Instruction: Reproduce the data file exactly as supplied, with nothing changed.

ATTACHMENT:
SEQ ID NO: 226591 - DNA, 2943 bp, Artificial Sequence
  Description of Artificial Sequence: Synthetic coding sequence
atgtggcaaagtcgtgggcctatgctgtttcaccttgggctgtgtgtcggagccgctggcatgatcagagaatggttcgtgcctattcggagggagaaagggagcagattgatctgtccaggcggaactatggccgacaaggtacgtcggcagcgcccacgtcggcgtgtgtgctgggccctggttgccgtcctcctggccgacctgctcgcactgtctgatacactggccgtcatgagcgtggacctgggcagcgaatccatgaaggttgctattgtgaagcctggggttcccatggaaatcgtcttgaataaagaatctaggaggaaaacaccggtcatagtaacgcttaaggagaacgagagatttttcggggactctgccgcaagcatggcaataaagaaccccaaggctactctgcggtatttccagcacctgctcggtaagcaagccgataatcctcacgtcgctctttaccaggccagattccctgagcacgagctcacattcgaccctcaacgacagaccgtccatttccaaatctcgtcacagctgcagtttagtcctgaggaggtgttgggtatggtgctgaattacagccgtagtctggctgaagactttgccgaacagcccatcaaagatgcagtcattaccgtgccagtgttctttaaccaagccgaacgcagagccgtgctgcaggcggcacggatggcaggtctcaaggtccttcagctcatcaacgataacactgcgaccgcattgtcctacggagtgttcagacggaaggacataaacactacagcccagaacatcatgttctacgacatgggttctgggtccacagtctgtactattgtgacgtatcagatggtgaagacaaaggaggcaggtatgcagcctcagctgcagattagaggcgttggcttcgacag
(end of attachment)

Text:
SEQ ID NO: 226591 - DNA, 2943 bp, Artificial Sequence
  Description of Artificial Sequence: Synthetic coding sequence
atgtggcaaagtcgtgggcctatgctgtttcaccttgggctgtgtgtcggagccgctggcatgatcagagaatggttcgtgcctattcggagggagaaagggagcagattgatctgtccaggcggaactatggccgacaaggtacgtcggcagcgcccacgtcggcgtgtgtgctgggccctggttgccgtcctcctggccgacctgctcgcactgtctgatacactggccgtcatgagcgtggacctgggcagcgaatccatgaaggttgctattgtgaagcctggggttcccatggaaatcgtcttgaataaagaatctaggaggaaaacaccggtcatagtaacgcttaaggagaacgagagatttttcggggactctgccgcaagcatggcaataaagaaccccaaggctactctgcggtatttccagcacctgctcggtaagcaagccgataatcctcacgtcgctctttaccaggccagattccctgagcacgagctcacattcgaccctcaacgacagaccgtccatttccaaatctcgtcacagctgcagtttagtcctgaggaggtgttgggtatggtgctgaattacagccgtagtctggctgaagactttgccgaacagcccatcaaagatgcagtcattaccgtgccagtgttctttaaccaagccgaacgcagagccgtgctgcaggcggcacggatggcaggtctcaaggtccttcagctcatcaacgataacactgcgaccgcattgtcctacggagtgttcagacggaaggacataaacactacagcccagaacatcatgttctacgacatgggttctgggtccacagtctgtactattgtgacgtatcagatggtgaagacaaaggaggcaggtatgcagcctcagctgcagattagaggcgttggcttcgacag